The Southwestern Front suffered 700,544 casualties, including 616,304 killed, captured or missing during the battle. The 5th, 37th, 26th, 21st and the 38th armies, consisting of 43 divisions, were annihilated and the 40th Army suffered many losses. Like the Western Front before it, the Southwestern Front had to be recreated from scratch. After the rapid progress of Army Group Centre through the central sector of the Eastern front, a huge salient developed around its junction with Army Group South by late July 1941. On 7-8 July 1941 the German forces managed to breakthrough the fortified Stalin Line in the southeast portion of Zhytomyr Oblast, which ran along the 1939 Soviet border. By 11 July 1941 the Axis ground forces reached the Dnieper tributary Irpin River; the initial attempt to enter the city right away was thwarted by troops of the Kiev ukrep-raion and counter offensive of 5th and 6th armies. Following that the advance on Kiev was halted and main effort shifted towards the Korosten ukrep-raion where was concentrated the Soviet 5th Army.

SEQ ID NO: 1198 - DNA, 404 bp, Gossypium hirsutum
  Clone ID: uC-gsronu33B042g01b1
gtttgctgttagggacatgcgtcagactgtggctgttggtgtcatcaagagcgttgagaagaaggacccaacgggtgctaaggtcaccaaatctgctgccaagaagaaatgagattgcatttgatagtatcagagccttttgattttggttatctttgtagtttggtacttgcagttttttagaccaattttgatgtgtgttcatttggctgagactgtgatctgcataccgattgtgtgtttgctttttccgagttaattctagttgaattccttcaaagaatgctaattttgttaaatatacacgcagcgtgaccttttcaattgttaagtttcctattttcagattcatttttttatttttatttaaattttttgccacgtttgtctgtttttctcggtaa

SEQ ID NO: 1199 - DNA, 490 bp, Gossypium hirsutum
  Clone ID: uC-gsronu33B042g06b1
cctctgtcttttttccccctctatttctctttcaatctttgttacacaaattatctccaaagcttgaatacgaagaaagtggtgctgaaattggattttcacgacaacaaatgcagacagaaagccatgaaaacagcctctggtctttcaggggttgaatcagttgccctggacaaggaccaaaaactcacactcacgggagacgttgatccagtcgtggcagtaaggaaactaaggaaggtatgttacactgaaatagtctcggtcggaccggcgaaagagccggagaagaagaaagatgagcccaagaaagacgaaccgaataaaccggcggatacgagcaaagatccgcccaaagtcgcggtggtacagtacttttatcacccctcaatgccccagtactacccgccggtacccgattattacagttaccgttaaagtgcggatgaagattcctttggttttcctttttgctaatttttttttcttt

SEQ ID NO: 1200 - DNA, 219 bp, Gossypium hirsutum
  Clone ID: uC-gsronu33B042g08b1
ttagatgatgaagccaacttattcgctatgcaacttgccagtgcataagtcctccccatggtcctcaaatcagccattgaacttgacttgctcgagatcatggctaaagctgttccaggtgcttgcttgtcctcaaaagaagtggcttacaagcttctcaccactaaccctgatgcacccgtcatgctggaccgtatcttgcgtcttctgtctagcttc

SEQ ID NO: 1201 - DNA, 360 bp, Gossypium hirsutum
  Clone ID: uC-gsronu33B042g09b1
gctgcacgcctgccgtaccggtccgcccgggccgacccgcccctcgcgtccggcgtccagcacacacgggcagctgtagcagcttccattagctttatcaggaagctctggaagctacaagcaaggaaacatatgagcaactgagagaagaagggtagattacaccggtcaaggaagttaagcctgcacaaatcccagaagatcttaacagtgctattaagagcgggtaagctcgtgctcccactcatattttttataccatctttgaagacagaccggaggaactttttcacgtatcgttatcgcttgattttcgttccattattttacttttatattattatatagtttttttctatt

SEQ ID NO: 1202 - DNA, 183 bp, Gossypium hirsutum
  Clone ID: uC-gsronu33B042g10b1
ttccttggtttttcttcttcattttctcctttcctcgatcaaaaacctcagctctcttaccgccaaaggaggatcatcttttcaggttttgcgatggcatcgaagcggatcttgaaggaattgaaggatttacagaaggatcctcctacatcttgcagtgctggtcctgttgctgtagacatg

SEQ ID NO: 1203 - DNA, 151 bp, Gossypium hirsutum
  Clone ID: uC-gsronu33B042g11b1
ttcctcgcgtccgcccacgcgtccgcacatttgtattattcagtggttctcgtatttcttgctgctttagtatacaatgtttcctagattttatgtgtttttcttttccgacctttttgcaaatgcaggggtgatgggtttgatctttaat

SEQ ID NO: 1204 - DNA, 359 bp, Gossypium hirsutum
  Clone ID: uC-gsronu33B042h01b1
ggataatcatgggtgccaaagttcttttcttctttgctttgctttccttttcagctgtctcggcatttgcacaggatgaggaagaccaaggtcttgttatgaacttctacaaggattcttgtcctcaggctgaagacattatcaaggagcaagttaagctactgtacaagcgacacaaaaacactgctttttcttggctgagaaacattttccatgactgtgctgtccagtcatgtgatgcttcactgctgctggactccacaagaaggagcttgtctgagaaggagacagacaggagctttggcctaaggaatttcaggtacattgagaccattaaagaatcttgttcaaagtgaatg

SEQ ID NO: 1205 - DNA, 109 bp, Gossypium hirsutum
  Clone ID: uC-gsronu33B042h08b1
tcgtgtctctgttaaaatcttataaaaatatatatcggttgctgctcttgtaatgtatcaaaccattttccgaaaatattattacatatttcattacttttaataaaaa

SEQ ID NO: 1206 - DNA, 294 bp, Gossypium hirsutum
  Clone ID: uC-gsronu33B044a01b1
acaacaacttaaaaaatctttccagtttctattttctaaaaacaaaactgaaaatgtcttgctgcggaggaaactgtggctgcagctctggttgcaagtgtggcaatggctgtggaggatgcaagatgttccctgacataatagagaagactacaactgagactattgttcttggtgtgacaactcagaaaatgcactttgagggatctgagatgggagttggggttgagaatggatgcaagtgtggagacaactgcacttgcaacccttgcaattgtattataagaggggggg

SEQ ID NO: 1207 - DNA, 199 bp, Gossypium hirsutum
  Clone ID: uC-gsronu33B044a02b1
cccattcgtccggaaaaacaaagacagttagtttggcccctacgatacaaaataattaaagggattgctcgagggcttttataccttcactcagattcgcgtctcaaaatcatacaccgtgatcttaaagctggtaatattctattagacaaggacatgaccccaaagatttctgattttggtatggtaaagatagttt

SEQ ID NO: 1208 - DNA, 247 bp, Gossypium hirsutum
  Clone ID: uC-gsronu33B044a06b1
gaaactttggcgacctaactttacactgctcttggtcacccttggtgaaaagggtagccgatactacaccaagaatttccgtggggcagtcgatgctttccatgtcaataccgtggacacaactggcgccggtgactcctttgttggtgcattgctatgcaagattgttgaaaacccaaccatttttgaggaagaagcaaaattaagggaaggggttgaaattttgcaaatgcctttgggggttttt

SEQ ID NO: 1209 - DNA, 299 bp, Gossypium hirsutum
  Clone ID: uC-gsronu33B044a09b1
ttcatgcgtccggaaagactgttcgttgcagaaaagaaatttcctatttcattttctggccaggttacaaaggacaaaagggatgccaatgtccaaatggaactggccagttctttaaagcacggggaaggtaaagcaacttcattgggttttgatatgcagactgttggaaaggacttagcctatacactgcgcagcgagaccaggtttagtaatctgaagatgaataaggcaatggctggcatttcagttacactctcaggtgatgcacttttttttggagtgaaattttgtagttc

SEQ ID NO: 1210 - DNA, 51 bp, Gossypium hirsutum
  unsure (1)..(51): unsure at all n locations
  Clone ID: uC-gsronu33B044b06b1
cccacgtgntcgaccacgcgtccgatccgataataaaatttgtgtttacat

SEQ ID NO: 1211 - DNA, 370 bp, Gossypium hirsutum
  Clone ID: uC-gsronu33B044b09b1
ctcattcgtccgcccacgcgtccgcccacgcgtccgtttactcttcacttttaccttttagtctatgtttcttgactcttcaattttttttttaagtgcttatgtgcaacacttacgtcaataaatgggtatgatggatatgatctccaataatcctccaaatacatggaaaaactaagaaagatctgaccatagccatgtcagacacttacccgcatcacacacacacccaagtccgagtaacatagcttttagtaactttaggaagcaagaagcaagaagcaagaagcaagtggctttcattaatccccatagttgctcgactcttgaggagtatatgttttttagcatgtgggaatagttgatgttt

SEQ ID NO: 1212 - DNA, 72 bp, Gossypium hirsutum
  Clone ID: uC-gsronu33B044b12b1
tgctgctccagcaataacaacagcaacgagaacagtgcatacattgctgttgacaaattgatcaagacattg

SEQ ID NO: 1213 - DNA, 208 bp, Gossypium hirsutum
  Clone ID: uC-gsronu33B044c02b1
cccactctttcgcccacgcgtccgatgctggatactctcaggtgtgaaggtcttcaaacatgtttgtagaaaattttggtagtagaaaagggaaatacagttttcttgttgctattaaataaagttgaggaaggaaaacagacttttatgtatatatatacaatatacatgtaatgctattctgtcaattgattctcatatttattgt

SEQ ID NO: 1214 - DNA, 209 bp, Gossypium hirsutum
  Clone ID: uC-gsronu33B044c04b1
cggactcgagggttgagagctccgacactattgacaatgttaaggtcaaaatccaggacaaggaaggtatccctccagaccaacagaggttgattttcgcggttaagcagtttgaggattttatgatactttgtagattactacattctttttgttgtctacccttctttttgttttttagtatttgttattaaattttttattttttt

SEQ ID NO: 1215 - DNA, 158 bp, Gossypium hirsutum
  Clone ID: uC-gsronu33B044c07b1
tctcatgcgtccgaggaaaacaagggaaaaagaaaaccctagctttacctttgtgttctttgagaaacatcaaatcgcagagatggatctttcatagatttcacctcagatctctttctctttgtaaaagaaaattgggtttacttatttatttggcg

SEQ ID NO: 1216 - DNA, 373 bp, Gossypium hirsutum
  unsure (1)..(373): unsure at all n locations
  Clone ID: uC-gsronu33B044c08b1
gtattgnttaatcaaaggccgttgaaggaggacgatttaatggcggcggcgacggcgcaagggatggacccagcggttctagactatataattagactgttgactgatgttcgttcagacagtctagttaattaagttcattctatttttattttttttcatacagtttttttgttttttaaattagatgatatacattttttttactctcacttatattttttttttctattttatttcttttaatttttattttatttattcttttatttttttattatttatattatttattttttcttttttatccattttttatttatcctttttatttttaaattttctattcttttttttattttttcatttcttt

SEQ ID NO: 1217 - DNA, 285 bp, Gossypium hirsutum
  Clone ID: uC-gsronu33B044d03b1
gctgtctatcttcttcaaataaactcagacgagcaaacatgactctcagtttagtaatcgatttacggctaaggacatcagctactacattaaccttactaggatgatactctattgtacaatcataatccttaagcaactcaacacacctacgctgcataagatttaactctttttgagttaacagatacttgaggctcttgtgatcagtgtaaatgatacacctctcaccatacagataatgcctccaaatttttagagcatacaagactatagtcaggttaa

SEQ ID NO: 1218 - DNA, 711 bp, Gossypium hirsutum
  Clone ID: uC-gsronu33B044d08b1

At the same time the 1st Panzer Army was forced to transition to defense due to counteroffensive of the Soviet 26th Army. A substantial Soviet force, nearly the entire Southwestern Front, positioned in and around Kiev was located in the salient. By end of July the Soviet front lost some of its units due to critical situation of the Southern Front caused by the German 17th army. While lacking mobility and armor due to high losses in tanks at the Battle of Uman on 3 August 1941, they nonetheless posed a significant threat to the German advance and were the largest single concentration of Soviet troops on the Eastern Front at that time. Both Soviet 6th and 12th armies were encircled at Uman where some 102,000 Red Army soldiers and officers were taken prisoners. On 30 July 1941, the German forces resumed their advance onto Kiev with the German 6th army attacking positions between the Soviet 26th army and the Kiev ukrep-raion troops. On 7 August 1941 it was halted again by the Soviet 5th, 37th, 26th and supported by the Pinsk Naval Flotilla.